- Coles has announced it and solar panel company Metka EGN will build three solar power plants in regional New South Wales to help the supermarket meet 10% of its power needs with renewable energy.
- The development comes as Coles ramps up its efforts to compete with rival Woolworths on green energy, an emerging point of contention between the two.
- That’s seen each of the supermarket giants take major steps towards cutting their electricity consumption and generating more solar energy to power their stores.
After fighting tooth-and-nail over milk prices, the supermarkets have found an unlikely new battleground: renewable energy.
Solar power has emerged as the weapon of choice, with Coles announcing on Tuesday that it will build three solar power plants in regional New South Wales with enough capacity to power nearly 40,000 homes.
Under the terms of the 10-year contract it signed with renewable partner Metka EGN, Coles will buy 70% of the power generated — enough to account for 10% of the supermarket chain’s national consumption.
“We are thrilled that with this agreement, Coles can make a significant contribution to the growth of renewable energy supply in Australia, as well as to the communities we serve,” Coles CEO Steven Cain said in a company announcement.
Construction is scheduled to begin in September with the power supply expected to be ready by July next year. Coles said it is also committed to generating solar power on-site at different supermarkets around the country.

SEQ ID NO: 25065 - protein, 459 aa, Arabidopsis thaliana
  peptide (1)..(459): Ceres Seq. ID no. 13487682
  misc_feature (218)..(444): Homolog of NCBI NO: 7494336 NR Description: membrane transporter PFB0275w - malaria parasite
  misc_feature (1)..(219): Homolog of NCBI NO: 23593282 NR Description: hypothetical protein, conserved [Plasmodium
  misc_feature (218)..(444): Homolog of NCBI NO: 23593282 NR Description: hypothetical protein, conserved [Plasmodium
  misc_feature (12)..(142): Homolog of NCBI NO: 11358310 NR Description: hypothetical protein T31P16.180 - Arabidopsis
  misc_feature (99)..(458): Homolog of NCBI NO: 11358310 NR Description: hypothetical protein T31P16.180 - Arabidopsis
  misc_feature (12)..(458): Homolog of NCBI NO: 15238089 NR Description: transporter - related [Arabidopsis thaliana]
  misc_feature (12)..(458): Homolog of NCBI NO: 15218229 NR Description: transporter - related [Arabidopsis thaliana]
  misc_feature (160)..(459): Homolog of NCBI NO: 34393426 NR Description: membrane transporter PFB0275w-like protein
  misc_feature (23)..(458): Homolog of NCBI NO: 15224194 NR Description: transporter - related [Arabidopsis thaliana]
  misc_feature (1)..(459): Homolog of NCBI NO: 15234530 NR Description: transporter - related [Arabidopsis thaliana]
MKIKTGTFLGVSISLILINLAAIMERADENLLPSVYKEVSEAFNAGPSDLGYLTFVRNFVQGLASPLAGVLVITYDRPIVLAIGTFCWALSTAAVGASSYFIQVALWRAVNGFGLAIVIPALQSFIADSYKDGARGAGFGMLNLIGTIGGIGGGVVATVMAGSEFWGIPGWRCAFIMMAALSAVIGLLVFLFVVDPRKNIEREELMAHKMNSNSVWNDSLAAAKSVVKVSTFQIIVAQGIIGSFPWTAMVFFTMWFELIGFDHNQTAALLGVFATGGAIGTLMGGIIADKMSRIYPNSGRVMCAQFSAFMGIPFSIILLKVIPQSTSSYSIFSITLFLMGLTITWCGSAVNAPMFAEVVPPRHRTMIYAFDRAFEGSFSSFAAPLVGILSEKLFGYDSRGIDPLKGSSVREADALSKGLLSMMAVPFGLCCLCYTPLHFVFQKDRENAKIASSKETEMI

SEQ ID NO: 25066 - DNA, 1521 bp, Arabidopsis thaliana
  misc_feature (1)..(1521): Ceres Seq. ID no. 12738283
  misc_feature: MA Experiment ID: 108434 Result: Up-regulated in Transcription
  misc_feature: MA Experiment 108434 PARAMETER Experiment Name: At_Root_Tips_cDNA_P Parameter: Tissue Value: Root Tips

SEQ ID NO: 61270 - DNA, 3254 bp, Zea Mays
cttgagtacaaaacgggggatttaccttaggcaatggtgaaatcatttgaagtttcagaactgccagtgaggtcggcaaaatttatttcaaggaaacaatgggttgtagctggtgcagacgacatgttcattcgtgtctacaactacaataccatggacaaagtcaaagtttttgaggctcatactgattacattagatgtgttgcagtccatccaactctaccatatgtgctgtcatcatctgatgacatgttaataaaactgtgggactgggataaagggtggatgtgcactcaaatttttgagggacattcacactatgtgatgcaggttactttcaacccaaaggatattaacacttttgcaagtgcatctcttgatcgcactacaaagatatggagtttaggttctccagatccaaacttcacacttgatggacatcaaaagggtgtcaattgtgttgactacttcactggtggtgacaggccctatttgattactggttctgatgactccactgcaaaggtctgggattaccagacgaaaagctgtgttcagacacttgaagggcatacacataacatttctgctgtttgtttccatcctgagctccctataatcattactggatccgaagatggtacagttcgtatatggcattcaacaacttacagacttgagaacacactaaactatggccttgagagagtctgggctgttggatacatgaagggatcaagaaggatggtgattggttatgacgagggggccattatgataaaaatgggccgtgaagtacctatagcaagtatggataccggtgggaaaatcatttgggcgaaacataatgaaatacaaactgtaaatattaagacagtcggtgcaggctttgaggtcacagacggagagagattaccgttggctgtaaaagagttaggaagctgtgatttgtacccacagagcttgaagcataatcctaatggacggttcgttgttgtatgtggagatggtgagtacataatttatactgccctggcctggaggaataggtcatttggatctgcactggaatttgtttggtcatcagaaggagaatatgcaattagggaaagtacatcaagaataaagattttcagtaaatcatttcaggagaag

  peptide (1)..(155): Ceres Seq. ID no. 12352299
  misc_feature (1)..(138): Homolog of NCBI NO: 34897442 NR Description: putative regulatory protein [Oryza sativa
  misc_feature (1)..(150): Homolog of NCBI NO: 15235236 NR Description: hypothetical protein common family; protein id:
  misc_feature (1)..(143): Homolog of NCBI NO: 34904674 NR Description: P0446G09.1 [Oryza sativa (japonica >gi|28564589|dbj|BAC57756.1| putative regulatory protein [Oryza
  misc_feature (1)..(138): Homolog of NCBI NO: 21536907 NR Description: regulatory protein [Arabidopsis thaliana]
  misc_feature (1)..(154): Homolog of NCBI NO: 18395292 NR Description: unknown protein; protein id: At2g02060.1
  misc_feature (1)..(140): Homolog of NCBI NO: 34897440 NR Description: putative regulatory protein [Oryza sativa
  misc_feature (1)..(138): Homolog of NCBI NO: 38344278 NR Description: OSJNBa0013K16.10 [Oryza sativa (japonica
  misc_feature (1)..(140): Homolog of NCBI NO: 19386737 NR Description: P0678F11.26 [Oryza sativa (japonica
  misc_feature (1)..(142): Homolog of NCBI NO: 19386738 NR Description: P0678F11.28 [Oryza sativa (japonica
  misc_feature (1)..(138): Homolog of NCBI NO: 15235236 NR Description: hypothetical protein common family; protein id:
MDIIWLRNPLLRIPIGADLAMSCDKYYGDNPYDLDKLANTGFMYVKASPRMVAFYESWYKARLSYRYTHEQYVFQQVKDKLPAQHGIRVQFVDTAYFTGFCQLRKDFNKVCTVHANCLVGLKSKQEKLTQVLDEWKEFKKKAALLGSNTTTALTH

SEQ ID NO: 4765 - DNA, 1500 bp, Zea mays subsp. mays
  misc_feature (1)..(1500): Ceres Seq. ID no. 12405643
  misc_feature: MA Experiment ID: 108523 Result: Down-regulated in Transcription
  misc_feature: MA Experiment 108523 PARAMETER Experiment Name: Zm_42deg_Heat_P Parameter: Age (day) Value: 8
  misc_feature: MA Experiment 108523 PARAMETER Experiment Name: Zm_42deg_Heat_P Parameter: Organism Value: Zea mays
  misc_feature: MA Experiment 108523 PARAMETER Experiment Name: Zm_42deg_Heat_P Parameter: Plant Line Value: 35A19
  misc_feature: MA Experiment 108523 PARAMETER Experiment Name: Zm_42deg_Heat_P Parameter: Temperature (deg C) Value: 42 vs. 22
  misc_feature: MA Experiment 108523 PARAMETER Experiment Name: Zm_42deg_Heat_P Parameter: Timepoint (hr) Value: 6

“We plan to install solar panels on another 38 stores this financial year and we will be working with our landlords and property developers to identify further locations suitable for on-site solar power generation,” chief property officer Thinus Keeve said.
It comes just a few months after rival Woolworths fired the first major shot — raising $400 million to undertake its own green energy projects. Armed with the money, Woolworths has pledged to use solar power at 100 different sites in Australia by the end of the year.
So far panels have been rolled out at regional stores including Moree and Young.
The two major supermarkets appear to now be engaged in a renewable arms race as each tries to outdo the other. Cain said Coles had already made many changes to its stores in recent years.
“We have already made changes throughout our business to use energy more efficiently, which has enabled us to reduce our greenhouse gas emissions by 4 per cent over the past financial year and more than 30 per cent since 2009, despite growing our store network,” he said.
“Over the past two financial years alone we have invested more than $40 million in energy efficiency measures including upgrading all store lighting to LED by the end of 2019 and the installation of solar panels on 30 stores.”
Meanwhile, Woolworths has embarked on a reduction of its power use, largely through the installation of LED lighting in more than 800 stores. It claims that measure alone has collectively offset its powers consumption by the equivalent of 50 entire stores.
Unlike the milk wars, which saw the two supermarket behemoths squeeze Australian farmers, a competition to reduce the carbon footprint of Australian supermarkets is a win for everyone, no matter the victor.
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